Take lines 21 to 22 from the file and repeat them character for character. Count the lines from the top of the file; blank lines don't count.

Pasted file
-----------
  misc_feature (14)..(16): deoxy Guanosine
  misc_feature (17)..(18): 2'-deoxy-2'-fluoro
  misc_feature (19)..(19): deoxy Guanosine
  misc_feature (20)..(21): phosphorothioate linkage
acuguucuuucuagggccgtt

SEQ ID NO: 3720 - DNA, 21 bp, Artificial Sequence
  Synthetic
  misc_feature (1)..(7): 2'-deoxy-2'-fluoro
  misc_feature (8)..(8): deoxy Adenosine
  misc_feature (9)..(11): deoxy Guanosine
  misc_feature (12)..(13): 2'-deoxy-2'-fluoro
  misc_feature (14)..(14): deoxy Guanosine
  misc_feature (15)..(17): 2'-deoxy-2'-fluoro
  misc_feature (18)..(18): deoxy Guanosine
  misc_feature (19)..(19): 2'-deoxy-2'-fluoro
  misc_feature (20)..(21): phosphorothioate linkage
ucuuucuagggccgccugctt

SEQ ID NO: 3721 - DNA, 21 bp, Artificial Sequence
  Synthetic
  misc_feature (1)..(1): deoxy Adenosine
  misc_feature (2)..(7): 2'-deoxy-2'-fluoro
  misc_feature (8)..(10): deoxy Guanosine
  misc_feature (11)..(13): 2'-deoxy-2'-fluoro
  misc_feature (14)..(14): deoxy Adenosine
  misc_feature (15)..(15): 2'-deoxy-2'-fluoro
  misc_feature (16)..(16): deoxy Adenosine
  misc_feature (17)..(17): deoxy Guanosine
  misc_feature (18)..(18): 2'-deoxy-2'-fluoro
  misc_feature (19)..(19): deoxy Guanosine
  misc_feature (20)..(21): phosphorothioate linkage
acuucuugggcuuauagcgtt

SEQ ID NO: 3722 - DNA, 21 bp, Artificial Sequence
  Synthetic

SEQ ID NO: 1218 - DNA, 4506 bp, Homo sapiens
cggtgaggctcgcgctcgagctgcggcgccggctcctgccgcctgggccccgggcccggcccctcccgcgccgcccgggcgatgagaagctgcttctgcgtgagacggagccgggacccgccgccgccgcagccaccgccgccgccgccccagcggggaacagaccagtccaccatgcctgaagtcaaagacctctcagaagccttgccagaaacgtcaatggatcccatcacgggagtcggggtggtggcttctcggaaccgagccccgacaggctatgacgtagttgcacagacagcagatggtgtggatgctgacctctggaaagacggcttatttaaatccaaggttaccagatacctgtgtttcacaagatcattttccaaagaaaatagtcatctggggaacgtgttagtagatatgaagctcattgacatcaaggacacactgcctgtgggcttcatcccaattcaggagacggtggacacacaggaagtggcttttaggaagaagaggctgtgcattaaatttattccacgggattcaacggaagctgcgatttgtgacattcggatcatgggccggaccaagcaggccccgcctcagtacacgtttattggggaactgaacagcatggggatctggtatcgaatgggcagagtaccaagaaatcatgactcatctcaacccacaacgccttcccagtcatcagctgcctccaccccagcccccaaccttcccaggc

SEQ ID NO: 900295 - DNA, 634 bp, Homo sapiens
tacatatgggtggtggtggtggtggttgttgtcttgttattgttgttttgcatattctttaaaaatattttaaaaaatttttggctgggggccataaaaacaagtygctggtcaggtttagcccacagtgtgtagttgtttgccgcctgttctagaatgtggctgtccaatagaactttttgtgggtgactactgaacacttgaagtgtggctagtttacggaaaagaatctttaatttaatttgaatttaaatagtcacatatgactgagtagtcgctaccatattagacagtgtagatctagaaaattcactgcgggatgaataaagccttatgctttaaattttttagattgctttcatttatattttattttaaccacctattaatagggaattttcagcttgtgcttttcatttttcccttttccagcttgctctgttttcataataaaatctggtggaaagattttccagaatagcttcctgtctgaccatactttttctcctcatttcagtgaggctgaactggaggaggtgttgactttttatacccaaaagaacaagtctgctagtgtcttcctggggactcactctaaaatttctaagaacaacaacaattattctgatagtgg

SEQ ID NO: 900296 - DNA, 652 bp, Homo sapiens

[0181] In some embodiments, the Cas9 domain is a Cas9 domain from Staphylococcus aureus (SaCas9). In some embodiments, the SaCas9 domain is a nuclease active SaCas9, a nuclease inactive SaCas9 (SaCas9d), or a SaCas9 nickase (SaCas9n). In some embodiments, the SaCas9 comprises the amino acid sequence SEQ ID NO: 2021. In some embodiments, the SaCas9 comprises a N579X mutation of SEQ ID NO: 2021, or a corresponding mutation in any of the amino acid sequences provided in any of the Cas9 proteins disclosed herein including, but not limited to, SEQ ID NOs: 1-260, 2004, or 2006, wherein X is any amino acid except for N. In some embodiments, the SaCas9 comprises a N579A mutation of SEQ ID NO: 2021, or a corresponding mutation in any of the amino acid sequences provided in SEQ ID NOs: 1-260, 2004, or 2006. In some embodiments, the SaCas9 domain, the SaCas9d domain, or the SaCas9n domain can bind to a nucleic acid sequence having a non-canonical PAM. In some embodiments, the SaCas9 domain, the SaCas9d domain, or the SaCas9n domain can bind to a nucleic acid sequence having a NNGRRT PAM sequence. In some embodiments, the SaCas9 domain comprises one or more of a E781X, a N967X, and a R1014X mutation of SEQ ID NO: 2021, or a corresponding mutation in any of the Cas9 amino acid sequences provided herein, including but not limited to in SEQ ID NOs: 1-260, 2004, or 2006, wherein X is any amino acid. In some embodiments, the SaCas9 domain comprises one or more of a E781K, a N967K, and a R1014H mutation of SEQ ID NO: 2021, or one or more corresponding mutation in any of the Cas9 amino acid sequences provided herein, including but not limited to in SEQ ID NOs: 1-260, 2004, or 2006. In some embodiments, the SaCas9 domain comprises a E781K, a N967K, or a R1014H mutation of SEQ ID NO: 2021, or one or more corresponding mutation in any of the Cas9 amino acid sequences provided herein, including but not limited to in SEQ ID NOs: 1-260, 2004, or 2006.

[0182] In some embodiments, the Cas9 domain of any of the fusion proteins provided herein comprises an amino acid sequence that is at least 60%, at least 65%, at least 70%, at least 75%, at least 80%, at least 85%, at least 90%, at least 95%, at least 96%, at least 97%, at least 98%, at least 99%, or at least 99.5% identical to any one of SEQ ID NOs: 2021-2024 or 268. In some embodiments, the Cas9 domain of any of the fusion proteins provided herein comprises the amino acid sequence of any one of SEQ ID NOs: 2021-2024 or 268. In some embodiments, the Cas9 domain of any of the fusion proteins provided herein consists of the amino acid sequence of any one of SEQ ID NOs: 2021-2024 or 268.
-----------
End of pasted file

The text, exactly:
  misc_feature (2)..(7): 2'-deoxy-2'-fluoro
  misc_feature (8)..(10): deoxy Guanosine